What we ended up doing is installing a large internal 7200 rpm SATA drive and created partitions for each student (5 partitions per system) across the entire lab. Whether your user accounts are local or network-based, you can assign ownership of that partition to a specific user for security. In our case, with network accounts, an admin logs in initially and uses "Get Info" to assign a specific partition to a standard user. We also name the partition in the user's full name. You'd follow the same procedure if your user accounts are local - but it's necessary that you assign a log-in account for each user for whom you wish to assign a partition on that system. You could also partition and assign ownership to your external firewire drives, but the internal route will be much better performing and secure.
If necessary, you could have one partition be the boot (system) partition, but it's certainly preferable to have that be a separate drive, if possible. For clarification, we did initially have a single drive doing it all with SATA 1 capable PowerMac DP G5s, but installed secondary drives for the partitions and the performance is better. Any recent SATA 2 capable Mac would likely work with a single drive for your needs, if necessary. You could also Netboot a basic "diskless" system setup dedicated for 10 Final Cut users if you're using Mac OS X Server. Once booted, there isn't any excessive I/O between the clients and the server, especially if Final Cut is being directed to use partitions for project storage and cache.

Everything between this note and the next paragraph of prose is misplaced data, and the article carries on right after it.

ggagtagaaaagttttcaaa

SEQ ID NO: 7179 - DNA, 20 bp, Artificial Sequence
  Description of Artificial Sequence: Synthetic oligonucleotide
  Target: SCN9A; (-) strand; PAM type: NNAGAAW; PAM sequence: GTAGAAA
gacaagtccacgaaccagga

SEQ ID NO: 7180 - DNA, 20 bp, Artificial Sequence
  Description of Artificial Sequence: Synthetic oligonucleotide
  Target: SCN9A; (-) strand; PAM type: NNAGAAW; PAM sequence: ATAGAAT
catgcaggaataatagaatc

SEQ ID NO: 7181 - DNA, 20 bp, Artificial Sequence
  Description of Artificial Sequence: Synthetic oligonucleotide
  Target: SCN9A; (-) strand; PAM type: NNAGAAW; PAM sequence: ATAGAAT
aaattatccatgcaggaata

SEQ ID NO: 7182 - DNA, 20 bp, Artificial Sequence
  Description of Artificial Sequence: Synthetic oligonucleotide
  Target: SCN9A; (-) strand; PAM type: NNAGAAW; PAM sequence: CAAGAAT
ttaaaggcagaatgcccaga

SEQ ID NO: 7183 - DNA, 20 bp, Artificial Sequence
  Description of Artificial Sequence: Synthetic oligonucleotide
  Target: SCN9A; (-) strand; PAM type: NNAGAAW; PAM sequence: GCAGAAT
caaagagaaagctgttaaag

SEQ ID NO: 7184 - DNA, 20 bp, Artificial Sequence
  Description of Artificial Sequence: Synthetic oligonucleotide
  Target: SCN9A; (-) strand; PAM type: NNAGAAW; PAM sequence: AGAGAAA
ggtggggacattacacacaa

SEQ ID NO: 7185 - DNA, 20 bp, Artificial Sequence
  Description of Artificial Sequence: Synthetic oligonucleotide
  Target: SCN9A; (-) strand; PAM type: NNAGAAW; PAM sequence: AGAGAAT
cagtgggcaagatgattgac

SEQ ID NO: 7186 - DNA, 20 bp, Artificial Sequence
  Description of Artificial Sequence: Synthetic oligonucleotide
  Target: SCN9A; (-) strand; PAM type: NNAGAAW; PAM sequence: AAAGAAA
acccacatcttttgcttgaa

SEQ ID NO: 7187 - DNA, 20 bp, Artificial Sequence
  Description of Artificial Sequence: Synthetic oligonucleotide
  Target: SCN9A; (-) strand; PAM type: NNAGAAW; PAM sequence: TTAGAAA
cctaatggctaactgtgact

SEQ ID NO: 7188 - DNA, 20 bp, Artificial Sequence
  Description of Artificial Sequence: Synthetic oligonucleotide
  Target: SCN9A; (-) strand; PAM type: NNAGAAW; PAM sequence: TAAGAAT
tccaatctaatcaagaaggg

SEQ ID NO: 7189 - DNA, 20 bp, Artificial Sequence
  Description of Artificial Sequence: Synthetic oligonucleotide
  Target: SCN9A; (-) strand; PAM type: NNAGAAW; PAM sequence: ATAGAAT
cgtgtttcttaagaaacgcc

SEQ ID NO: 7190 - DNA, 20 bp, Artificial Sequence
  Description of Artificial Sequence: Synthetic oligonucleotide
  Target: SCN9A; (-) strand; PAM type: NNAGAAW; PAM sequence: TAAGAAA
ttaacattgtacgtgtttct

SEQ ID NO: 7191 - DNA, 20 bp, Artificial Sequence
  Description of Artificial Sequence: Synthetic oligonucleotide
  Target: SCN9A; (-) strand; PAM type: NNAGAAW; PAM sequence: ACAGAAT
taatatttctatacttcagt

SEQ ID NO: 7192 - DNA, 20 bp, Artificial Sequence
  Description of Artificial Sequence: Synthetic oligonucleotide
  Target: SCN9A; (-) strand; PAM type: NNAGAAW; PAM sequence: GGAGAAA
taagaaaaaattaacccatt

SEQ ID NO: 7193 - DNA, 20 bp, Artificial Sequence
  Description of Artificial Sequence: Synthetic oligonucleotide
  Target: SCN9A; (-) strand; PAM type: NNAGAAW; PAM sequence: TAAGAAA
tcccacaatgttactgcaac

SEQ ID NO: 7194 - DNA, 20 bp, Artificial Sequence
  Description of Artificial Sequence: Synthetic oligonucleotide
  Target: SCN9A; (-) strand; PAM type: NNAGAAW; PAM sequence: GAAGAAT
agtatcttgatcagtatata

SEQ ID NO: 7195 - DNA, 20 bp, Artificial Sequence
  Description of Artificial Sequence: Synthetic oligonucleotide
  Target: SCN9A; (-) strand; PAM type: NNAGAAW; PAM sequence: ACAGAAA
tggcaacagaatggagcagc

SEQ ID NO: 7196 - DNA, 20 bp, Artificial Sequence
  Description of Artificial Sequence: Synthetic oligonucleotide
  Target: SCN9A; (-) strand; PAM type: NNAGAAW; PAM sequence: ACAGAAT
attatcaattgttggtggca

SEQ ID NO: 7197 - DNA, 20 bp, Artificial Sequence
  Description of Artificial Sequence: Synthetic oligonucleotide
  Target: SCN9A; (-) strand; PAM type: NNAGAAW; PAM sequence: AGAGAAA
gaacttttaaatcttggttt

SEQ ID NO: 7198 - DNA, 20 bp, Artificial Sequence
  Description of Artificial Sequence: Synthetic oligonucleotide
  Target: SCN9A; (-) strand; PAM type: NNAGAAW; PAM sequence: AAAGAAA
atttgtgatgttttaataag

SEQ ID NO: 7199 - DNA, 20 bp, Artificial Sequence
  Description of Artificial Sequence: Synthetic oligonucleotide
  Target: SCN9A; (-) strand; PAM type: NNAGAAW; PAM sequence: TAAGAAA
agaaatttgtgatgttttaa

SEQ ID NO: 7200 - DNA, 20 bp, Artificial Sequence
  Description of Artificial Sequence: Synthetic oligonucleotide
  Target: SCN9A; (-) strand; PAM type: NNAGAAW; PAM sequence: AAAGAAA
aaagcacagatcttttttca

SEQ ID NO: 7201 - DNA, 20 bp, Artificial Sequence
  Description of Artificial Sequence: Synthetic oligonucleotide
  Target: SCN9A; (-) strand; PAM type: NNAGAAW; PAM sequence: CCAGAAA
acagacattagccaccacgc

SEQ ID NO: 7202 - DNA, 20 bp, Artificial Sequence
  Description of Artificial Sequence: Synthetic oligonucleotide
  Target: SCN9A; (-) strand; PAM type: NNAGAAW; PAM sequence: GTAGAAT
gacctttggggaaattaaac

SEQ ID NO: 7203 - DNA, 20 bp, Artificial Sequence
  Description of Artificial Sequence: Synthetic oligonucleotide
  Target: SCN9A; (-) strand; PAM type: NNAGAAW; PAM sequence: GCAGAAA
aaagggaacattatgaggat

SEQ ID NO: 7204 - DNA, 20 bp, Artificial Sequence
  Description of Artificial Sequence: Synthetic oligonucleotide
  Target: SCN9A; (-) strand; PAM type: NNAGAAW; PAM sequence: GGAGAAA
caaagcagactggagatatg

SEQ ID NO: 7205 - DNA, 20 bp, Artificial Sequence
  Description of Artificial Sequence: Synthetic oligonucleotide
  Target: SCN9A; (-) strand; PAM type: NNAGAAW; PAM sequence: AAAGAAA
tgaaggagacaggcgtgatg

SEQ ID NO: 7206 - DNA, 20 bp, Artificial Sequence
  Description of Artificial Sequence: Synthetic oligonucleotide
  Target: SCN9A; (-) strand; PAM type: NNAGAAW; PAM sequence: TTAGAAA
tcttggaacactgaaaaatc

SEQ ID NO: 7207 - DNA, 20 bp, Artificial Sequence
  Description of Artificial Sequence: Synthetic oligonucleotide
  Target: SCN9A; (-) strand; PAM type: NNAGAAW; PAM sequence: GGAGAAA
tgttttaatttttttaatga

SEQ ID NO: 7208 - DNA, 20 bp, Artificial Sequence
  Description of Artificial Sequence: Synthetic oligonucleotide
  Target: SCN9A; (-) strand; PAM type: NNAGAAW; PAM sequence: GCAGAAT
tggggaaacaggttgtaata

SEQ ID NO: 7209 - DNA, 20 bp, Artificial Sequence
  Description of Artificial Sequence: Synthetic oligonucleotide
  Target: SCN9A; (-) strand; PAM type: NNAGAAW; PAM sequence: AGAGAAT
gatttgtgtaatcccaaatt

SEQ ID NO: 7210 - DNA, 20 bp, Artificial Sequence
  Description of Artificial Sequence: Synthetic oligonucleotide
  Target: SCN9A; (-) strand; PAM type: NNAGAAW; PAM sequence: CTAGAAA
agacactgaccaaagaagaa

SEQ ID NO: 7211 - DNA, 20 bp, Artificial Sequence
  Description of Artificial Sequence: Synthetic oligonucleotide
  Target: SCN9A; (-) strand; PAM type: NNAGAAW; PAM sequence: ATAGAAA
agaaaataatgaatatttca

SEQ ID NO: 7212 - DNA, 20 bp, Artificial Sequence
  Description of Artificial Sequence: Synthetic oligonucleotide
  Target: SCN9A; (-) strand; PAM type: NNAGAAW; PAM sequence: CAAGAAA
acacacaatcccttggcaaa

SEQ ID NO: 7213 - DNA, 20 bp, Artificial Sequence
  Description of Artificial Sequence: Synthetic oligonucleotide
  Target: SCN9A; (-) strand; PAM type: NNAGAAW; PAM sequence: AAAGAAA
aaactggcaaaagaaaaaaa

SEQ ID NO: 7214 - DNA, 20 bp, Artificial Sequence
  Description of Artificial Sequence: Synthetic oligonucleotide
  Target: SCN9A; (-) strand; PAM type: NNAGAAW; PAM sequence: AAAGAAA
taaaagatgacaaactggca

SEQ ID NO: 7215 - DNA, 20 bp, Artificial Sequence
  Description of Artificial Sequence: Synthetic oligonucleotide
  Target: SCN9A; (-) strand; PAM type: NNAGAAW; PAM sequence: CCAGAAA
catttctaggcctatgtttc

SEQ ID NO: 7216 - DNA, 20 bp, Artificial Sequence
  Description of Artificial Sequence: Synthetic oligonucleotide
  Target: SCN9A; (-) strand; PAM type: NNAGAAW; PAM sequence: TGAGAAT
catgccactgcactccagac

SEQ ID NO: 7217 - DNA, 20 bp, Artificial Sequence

As to Bruno Forcier's suggestion to assign hard drives to each student, that's exactly what we do. We initially used OWC and distributed 80 USB2/FW400 drives to our incoming Freshmen as part of a kit, but they required that the students (owner) contact them directly and all drives to be returned to them for repair - which is just too disruptive to the students who can't afford weeks without access to their data. Not to mention the confusion with expecting the students to deal with tech support and the RMA process. Given that 95% of the time, it's a bridge-board failure (not the hard drive itself), I approached Rocstor who was more than willing to provide me spare boards to expedite the repairs of their drives. When I run low, they send me more without any fanfare. I can't tell you how fantastic this relationship is. When a drive goes down, I can have the student back up in minutes. We've been using Rocstor drives for 2 years now. Our current drives are the small, stylish Airhawk series, with FW800/400 and USB2 interfaces. The internal drives are 2.5" 7200 rpm SATA. We've had approximately 6 or 7 failures of bridgeboards and 1 hard drive out of the 75 initially distributed. Our bridgeboard failure rate I must attribute at least partially to the widespread difficulties well documented with the Power Mac G5 series firewire. We never seem to have issues with these drives in our other (more contemporary) labs. Rocstor has been extremely responsive and communicative in all cases.